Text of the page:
Nearby along 38 is Srigim, home to the Srigim Brewery, which is located just inside the town limits. There’s a recently completed visitors center where co-owner Ofer Ronen will tell you how the brewery came about. Ronen said he got his love for beer while working for Israeli high-tech firms in Europe and Northern California.
The small visitors center has a bar and seven taps featuring the brewery’s beers, lending a pub-like feel to the place.
The beers with the label “Ella Valley” are crafted by his partner and are influenced by Bavarian and Belgian ales, while the “Ronen” label beers have a more American flavor, including one selection that is a tribute to Pete’s Wicked Ale.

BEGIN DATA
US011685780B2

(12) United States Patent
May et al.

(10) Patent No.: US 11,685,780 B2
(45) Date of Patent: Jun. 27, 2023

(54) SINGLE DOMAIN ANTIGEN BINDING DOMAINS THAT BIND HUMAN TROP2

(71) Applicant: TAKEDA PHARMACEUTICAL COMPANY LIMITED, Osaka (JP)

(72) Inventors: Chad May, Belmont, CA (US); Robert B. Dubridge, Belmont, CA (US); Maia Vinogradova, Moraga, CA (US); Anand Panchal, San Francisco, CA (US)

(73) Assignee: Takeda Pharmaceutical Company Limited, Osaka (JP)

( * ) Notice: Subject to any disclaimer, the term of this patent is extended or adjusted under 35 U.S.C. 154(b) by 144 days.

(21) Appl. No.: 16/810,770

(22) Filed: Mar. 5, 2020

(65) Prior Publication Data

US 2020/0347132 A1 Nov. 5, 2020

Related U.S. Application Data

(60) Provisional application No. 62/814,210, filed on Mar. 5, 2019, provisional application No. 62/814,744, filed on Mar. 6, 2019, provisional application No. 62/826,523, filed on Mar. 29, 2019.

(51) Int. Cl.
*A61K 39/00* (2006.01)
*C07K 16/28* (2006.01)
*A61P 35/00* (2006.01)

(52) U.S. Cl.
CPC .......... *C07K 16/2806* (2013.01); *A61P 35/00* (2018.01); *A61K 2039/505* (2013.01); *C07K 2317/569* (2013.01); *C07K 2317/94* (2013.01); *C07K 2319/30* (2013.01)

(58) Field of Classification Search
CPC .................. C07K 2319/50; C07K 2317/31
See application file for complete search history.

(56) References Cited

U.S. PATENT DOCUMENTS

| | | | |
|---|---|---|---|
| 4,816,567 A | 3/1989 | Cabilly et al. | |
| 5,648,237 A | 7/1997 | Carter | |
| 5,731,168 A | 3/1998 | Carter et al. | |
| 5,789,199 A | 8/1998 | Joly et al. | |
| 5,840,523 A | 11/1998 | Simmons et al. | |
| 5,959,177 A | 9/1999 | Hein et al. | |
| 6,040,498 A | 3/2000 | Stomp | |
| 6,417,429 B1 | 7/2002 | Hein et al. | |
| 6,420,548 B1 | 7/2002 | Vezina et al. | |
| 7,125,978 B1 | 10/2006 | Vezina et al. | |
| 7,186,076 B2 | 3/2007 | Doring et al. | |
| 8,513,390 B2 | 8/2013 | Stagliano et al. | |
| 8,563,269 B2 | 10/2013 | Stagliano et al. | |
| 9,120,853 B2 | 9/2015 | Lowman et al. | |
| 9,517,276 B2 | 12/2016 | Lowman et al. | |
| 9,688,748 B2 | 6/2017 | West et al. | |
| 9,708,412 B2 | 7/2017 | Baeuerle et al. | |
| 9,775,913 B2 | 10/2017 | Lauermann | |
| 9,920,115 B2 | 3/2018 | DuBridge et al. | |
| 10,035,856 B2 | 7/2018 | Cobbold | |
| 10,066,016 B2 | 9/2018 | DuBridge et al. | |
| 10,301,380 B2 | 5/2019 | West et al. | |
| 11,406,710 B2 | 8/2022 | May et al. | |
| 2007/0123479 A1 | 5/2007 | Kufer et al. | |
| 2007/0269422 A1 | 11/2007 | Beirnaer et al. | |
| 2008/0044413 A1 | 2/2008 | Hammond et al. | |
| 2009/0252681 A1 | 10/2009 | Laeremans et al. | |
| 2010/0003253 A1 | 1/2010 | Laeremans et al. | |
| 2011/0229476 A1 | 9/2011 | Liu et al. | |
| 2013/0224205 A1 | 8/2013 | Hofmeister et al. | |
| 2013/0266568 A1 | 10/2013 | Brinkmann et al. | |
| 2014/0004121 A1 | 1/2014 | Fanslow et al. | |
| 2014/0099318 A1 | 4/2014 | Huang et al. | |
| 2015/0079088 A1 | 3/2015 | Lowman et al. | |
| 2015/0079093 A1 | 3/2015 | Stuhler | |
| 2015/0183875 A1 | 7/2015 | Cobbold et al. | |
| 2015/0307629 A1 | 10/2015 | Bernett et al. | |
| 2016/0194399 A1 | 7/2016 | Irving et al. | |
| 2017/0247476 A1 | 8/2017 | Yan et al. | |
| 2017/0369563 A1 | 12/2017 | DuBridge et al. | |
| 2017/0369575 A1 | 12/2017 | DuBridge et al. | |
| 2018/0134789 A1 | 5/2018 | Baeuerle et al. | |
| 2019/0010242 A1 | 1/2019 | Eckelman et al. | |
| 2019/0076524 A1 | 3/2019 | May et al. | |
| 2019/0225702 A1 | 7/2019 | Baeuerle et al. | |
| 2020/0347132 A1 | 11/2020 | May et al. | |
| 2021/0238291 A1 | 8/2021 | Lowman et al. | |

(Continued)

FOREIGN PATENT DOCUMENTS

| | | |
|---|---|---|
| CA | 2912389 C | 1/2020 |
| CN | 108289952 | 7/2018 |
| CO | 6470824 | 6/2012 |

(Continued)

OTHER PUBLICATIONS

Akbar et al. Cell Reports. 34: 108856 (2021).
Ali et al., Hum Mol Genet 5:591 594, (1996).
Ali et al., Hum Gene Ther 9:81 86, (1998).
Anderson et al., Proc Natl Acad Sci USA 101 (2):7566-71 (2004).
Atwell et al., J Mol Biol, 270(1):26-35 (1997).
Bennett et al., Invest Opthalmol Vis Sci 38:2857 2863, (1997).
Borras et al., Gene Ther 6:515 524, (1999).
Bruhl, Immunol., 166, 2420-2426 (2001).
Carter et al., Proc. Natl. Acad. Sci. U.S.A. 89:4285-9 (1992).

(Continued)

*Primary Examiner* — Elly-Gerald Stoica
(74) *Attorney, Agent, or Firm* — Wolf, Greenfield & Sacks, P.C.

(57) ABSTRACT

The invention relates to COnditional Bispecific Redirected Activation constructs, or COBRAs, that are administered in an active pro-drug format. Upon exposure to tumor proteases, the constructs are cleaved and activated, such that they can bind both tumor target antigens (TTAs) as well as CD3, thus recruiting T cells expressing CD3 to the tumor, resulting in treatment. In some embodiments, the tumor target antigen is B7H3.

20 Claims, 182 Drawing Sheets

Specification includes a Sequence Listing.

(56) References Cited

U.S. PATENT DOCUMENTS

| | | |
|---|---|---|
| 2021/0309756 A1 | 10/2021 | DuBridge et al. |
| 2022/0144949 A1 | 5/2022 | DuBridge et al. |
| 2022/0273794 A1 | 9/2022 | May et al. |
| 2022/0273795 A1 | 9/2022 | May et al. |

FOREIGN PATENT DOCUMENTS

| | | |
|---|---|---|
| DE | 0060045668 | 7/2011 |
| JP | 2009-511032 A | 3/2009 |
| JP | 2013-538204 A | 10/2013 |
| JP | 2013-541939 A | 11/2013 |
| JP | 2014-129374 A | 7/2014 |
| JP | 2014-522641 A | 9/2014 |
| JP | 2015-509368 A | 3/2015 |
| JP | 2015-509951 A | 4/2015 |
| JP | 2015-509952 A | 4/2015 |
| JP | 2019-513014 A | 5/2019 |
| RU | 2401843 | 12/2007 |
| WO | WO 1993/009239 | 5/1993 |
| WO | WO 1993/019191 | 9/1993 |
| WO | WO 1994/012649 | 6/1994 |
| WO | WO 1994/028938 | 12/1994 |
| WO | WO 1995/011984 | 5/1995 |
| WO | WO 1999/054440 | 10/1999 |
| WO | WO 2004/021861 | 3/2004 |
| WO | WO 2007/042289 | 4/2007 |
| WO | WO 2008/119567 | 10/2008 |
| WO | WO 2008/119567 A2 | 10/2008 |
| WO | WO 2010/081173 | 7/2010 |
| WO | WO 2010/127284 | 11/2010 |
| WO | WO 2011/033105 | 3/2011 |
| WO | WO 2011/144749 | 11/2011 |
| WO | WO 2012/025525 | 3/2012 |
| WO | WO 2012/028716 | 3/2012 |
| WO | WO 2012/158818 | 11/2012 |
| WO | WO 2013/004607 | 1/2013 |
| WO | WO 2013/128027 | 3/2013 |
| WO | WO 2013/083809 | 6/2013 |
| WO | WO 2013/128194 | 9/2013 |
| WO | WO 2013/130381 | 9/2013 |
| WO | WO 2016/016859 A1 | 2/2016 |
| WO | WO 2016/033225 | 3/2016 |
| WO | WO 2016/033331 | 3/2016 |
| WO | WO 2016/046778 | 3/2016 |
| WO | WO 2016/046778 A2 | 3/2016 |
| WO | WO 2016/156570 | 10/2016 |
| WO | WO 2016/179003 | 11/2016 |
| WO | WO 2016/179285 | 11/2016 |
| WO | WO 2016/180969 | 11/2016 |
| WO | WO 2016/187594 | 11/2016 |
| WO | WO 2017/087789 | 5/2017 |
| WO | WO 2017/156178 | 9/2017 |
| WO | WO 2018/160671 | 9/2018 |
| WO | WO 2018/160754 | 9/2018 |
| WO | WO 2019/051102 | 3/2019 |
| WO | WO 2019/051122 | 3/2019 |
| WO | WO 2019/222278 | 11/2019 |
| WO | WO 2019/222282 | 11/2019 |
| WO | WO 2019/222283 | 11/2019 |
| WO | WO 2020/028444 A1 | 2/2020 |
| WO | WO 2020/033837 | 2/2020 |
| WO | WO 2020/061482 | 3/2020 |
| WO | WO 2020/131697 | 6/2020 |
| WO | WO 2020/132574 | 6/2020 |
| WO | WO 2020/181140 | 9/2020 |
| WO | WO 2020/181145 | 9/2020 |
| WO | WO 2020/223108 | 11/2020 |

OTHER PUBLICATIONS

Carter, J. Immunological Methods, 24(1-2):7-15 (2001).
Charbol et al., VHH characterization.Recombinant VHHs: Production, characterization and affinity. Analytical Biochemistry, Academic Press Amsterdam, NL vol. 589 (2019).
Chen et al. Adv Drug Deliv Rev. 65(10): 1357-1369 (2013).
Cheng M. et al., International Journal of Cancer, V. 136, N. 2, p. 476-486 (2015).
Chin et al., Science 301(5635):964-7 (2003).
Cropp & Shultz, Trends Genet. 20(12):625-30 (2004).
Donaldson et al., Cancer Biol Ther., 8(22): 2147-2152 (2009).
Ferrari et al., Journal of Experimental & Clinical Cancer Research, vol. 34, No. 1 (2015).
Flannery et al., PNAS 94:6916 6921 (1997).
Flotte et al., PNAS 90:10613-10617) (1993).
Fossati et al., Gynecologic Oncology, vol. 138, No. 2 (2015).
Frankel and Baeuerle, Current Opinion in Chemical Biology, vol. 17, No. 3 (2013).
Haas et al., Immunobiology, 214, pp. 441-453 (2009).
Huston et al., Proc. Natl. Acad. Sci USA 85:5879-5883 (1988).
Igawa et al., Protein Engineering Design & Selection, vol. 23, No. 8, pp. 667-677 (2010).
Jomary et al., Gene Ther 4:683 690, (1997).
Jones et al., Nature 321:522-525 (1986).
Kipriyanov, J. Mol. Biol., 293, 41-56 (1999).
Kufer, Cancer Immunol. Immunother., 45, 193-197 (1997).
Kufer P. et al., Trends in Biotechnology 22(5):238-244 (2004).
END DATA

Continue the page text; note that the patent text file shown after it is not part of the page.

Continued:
“It was important to open the brewery in a tourist region,” he said, mentioning that archeologists recent found jars for beer on Tel Azeka. “We are reviving beer production in an area in which it is 3,000 years old.”
Part of the challenge for the boutique brewers is that because they import nearly all their raw materials and lack economies of scale, a product that should be affordable turns out to be very costly. At a recent music festival, pints of Bazelet Beer from the Golan Heights brewery were being sold for nearly $9. Bottles of non-craft beer go for half that in retail shops.
“I know my beers aren’t cheap. I invest twice as much in raw materials to get the full-body taste,” said Aram Dekel, who with his wife Batsheva runs the Abeer Haella brewery and café.
It is located in Moshav Tzafririm, a five-minute drive from Srigim; the moshav has bed-and-breakfast cabins and some restaurants.
“You can see I like beer,” says the barrel-chested Dekel. The gregarious brewmaster is eager to engage a visitor in conversation while munching on spicy zatar-laced popcorn and sipping homemade porter, which is dark strong and rich.